The party that wins the most seats gets the first chance to form a government, and Syriza and New Democracy were effectively tied in the last official polls two weeks ago. Syriza has surged in popularity because voters see him as offering something new and different, Greek journalist Fanis Papathanasiou said Sunday.
"What Tsipras is pledging and promises is to fight the old corrupted political system. What they see in Tsipras is a hope," said the diplomatic correspondent for ERT television.
And Yiannis Alafouzos, managing director of Greek broadcaster Skai Media Group, said older Greeks are scared -- "But the younger generation, they're not scared, and they seem to have had enough of the recession they're trying to get out of it by rebelling, effectively."
"Unfortunately, the political system in Greece has not been honest with the voters," Alafouzos said. "And so a lot of people believe there is a way out of this without all the pain we have been suffering for the past two or three years."
But the possibility that Tspiras could emerge as prime minister has prompted waves of fear that Greece could crash out of the euro and Europe's ambitious experiment with a common currency could collapse. Some analysts have estimated that the collapse of the euro would cost $1 trillion, while others say talk of the break-up of the currency is alarmist and unlikely to happen.
German Chancellor Angela Merkel, Europe's most powerful advocate of balancing budgets to build a strong basis for economic growth, urged Greeks not to walk away from international loan deals.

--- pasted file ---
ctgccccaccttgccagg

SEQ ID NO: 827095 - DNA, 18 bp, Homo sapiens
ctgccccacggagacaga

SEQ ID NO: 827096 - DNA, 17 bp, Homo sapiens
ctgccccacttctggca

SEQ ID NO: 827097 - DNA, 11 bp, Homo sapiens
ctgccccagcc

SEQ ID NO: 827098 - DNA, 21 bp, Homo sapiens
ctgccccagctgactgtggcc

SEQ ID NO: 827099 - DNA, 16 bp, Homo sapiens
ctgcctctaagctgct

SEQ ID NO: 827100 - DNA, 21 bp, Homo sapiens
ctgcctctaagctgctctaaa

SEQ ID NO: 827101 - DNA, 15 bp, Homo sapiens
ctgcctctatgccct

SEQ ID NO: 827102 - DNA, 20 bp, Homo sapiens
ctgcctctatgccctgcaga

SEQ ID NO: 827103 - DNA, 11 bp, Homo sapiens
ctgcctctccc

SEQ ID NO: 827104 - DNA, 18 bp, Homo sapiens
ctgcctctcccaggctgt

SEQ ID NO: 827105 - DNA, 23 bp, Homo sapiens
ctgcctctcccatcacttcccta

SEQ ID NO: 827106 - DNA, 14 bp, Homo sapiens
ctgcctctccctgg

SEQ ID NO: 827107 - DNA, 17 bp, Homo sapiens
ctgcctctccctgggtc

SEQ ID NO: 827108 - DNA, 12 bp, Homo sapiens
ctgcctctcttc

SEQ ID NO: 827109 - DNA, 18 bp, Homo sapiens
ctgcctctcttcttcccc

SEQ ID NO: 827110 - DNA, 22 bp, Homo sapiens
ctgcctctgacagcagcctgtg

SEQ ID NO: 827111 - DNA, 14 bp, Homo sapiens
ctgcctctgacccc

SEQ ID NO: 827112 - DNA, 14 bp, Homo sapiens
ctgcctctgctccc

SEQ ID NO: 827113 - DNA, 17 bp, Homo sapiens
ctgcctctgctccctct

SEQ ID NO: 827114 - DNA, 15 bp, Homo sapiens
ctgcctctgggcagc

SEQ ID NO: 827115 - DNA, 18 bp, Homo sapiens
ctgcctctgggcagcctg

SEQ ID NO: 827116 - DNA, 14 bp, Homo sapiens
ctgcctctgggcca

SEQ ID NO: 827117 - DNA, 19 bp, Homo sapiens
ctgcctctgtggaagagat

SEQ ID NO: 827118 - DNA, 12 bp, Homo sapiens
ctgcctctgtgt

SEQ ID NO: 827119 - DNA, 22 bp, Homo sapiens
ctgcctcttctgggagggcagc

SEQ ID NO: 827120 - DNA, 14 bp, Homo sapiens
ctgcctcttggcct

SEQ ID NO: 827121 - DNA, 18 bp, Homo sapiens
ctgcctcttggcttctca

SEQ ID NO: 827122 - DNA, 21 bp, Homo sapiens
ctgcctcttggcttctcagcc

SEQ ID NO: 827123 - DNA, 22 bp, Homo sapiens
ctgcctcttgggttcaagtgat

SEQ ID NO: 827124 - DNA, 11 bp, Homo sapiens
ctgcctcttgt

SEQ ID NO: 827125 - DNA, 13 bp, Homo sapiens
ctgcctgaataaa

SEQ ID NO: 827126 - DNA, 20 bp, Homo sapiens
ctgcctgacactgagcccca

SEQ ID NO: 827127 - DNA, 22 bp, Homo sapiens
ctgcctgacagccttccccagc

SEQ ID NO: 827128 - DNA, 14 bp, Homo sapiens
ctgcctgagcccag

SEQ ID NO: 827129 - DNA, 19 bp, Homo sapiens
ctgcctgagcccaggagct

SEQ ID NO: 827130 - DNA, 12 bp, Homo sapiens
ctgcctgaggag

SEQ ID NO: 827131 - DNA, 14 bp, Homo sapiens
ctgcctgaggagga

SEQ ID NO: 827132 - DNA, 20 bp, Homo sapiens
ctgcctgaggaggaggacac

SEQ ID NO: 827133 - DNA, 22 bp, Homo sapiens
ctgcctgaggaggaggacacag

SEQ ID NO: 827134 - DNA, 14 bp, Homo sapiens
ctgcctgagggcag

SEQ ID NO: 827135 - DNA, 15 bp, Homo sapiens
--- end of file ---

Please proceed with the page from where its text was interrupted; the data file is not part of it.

"We will stick to the agreements. That is the basis on which Europe will prosper," she said Saturday.
New Democracy party favors sticking to the terms already agreed to with Greece's lenders, the European Commission, the International Monetary Fund and the European Central Bank. They demanded public spending cuts to slash Greece's enormous deficit.
If a Syriza-led government follows through on its promise to toss the current agreement, markets fear that will lead to a "disorderly exit" from the eurozone. Yannos Papantoniou, who was the Greek finance minister at the time the country adopted the euro, said the vote amounts to a referendum on being in the common currency, abut he said the country needs more flexibility to deal with the austerity measures demanded by lenders.